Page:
View: 266

'A wonderful book - an invigorating revelation ... An essential collection of prose poems from across the globe, by old masters and new, reveals the form's astonishing range' Kate Kellaway, Observer The prose poem has proven one of the most innovative and versatile poetic forms of recent years. In the century-and-a-half since Charles Baudelaire, Emma Lazarus, Oscar Wilde and Ivan Turgenev spread the notion of a new kind of poetry, this 'genre with an oxymoron for a name' has attracted and beguiled many of our most beloved writers. Yet it has long remained a hidden territory - and even now, this peculiarly rich and expansive form can strike many contemporary readers as something of a mystery. Here, Jeremy Noel-Tod reconstructs the history of the prose poem for us by selecting the essential pieces of writing - by turns luminous, brooding, lamentatory and comic - which have defined and developed it at each stage, covering a greater chronological sweep and international range than any previous anthology of its kind. In The Penguin Book of the Prose Poem, Margaret Atwood rubs shoulders with Claudia Rankine; Lu Xun and Rabindranath Tagore take seats in the family tree above Seamus Heaney and Simon Armitage; and Czeslaw Milosz sits just pages from Eileen Myles.

The Squaw Valley Review 2012

His other recent books include his selected poems, The Apple Trees at Olema (Ecco/HarperCollins), Time and Materials (Ecco/ HarperCollins), which was awarded the Pulitzer Prize and the National Book Award, and his edition of Walt ...


Author: Phillip Barron


ISBN: 9780988895324



View: 731

Monticello in Mind

tip jar at Starbucks. ... Robert Hass (1941) is the author of The Apple Trees at Olema: Selected Poems and What Light Can Do: Selected Essays. He is Professor of English at the University of California at Berkeley.


Author: Lisa Russ Spaar

Publisher: University of Virginia Press

ISBN: 9780813939216

Category: Poetry

Page: 168

View: 165

Thomas Jefferson was a figure both central and polarizing in his own time, and despite the passage of two centuries he remains so today. Author of the Declaration of Independence and the Virginia Statute for Religious Freedom, yet at the same time a slaveholder who likely fathered six children by one of his slaves, Jefferson has been seen as an embodiment of both the best and the worst in America’s conception and in its history. In Monticello in Mind, poet Lisa Russ Spaar collects fifty contemporary poems--most original to this anthology--that engage the complex legacy of Thomas Jefferson and his plantation home at Monticello. Many of these poems wrestle with the history of race and freedom at the heart of both Jefferson’s story and America’s own. Others consider Jefferson as a figure of Enlightenment rationalism, who scrupulously excised evidence of the supernatural from the gospels in order to construct his own version of Jesus’s moral teachings. Still others approach Jefferson as an early colonizer of the West, whose purchase of the Louisiana territory and launch of the Lewis and Clark expedition anticipated the era of Manifest Destiny. Featuring a roster of poets both emerging and established--including Lucille Clifton, Rita Dove, Claudia Emerson, Terrance Hayes, Robert Hass, Yusef Komunyakaa, Tracy K. Smith, Natasha Tretheway, Charles Wright, and Kevin Young--this collection offers an aesthetically and culturally diverse range of perspectives on a man whose paradoxes still abide at the heart of the American experiment.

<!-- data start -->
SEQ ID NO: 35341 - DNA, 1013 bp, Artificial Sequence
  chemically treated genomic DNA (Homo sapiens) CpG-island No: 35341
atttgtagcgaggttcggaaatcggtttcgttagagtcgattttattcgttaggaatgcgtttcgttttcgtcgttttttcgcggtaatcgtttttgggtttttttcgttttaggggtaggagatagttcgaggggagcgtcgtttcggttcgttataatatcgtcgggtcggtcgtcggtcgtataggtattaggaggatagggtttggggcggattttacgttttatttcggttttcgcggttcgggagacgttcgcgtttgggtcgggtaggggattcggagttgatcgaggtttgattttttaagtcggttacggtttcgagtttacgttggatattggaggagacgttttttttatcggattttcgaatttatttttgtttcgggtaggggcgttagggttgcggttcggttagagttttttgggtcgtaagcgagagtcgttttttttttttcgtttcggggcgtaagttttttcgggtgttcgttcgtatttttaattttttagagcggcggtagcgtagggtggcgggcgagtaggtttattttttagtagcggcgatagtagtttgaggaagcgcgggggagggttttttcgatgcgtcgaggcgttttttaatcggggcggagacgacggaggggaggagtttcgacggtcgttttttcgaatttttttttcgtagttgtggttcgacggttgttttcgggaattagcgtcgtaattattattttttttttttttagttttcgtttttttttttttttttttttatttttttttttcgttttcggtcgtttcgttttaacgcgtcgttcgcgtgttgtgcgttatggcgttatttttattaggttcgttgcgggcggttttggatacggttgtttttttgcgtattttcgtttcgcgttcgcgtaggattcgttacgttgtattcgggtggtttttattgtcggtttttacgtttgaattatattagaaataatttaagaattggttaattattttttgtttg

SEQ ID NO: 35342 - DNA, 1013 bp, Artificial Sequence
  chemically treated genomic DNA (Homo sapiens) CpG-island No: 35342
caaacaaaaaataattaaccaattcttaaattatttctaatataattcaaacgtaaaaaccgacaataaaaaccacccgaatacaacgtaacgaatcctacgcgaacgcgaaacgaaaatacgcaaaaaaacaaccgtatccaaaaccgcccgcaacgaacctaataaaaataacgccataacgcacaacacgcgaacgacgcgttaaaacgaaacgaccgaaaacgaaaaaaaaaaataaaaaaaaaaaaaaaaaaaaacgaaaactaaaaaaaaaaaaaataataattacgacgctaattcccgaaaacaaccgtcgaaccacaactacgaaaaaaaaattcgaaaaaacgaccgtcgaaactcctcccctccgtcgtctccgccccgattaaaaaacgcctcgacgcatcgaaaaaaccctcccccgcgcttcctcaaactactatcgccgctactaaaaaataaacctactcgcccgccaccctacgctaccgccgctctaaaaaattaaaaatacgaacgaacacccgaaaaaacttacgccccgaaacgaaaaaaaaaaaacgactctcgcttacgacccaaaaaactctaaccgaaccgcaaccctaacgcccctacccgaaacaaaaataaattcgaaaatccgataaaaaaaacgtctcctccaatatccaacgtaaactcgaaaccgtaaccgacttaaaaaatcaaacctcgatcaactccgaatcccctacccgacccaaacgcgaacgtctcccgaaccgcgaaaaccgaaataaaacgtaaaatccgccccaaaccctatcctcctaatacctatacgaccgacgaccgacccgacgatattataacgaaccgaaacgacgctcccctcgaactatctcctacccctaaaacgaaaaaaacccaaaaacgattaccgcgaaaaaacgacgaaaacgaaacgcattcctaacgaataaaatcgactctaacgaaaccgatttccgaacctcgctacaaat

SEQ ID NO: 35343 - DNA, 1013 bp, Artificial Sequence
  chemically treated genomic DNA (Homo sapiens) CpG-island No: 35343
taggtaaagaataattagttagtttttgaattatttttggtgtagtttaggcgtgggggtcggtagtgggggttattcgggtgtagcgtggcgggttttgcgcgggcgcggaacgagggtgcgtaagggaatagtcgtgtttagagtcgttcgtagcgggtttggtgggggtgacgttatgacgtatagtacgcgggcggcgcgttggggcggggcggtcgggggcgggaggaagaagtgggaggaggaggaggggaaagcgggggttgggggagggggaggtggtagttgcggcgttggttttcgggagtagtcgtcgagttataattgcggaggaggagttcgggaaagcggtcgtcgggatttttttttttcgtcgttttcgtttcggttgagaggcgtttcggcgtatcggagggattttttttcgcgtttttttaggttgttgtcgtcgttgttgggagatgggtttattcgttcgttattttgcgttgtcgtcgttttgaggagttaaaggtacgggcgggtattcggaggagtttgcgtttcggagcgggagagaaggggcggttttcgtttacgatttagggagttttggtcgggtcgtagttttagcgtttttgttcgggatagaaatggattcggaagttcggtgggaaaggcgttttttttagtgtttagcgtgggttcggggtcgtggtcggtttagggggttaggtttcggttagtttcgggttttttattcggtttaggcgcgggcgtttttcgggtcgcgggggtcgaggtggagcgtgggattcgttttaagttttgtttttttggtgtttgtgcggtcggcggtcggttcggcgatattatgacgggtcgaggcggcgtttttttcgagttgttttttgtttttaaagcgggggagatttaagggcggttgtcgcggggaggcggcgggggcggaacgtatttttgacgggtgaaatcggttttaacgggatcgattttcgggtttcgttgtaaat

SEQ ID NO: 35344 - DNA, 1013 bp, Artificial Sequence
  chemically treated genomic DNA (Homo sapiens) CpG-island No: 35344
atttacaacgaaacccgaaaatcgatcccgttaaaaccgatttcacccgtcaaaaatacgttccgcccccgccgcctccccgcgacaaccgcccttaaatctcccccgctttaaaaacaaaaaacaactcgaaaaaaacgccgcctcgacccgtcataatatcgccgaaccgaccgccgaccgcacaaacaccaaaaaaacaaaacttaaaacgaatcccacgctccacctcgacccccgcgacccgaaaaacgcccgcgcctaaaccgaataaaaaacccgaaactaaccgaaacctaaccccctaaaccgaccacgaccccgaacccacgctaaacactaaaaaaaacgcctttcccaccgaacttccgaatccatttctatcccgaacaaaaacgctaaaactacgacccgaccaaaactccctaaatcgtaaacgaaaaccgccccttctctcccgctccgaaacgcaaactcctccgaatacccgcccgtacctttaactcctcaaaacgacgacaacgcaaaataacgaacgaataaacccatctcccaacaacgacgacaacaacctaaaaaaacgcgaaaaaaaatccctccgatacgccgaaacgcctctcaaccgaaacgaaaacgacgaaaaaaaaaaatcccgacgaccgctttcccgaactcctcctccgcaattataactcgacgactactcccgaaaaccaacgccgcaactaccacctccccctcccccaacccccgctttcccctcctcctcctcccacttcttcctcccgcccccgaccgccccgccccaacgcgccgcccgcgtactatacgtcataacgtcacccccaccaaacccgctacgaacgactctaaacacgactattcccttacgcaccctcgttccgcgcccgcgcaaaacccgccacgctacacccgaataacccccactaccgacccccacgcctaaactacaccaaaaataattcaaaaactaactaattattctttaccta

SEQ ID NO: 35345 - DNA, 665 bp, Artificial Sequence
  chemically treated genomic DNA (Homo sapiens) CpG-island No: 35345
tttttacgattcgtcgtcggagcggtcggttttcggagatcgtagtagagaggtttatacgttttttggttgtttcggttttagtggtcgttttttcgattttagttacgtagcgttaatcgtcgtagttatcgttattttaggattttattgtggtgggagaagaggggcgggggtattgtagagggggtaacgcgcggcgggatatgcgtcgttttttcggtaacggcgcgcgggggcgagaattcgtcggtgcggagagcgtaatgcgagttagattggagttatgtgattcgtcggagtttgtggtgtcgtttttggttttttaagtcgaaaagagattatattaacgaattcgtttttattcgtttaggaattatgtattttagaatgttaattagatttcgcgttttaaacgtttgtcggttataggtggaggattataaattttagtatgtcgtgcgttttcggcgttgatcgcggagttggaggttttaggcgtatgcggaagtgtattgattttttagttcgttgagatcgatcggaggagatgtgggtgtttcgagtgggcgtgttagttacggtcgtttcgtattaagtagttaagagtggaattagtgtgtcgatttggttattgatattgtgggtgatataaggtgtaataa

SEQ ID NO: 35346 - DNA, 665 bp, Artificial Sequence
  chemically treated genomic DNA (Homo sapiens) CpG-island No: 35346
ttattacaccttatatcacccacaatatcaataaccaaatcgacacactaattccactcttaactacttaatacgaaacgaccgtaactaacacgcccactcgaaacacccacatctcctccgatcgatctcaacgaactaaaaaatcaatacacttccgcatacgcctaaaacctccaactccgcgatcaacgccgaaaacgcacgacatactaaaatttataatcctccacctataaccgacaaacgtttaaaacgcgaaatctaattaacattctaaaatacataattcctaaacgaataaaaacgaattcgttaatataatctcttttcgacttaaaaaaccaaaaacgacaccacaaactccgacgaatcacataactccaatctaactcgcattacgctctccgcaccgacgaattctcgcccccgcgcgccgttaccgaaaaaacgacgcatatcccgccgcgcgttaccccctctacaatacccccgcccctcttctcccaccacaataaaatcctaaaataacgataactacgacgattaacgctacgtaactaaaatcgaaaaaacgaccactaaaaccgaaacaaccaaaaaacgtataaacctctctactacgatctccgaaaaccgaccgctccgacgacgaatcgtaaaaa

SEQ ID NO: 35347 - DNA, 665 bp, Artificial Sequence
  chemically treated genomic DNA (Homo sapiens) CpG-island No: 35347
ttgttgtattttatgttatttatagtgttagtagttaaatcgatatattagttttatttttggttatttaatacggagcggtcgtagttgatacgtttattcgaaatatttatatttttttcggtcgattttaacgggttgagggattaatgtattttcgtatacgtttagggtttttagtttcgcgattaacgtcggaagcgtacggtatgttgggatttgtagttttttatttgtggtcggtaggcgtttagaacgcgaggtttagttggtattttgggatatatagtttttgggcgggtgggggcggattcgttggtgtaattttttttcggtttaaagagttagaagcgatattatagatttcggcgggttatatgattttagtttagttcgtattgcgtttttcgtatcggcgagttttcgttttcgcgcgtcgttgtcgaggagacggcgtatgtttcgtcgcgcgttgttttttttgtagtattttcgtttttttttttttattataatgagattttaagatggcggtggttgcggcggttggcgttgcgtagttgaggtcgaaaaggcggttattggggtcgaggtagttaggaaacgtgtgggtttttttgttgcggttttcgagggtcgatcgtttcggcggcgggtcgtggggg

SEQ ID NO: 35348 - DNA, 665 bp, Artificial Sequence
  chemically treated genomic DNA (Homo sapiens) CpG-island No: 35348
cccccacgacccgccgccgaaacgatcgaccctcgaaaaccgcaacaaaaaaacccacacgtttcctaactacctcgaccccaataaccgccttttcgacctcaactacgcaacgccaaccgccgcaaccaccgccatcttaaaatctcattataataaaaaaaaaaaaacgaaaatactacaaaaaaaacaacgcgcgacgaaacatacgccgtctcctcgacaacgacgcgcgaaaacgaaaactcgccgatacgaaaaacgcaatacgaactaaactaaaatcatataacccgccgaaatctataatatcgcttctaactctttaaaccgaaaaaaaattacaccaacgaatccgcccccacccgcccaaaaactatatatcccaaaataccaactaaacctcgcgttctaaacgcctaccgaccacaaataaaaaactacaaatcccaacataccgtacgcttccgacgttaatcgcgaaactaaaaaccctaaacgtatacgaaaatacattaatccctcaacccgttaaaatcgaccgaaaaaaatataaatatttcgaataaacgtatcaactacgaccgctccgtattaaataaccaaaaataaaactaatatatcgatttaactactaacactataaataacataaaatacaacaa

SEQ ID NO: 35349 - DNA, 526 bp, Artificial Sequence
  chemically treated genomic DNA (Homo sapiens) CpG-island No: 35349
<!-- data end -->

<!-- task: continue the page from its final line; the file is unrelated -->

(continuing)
How to Be Eaten by a Lion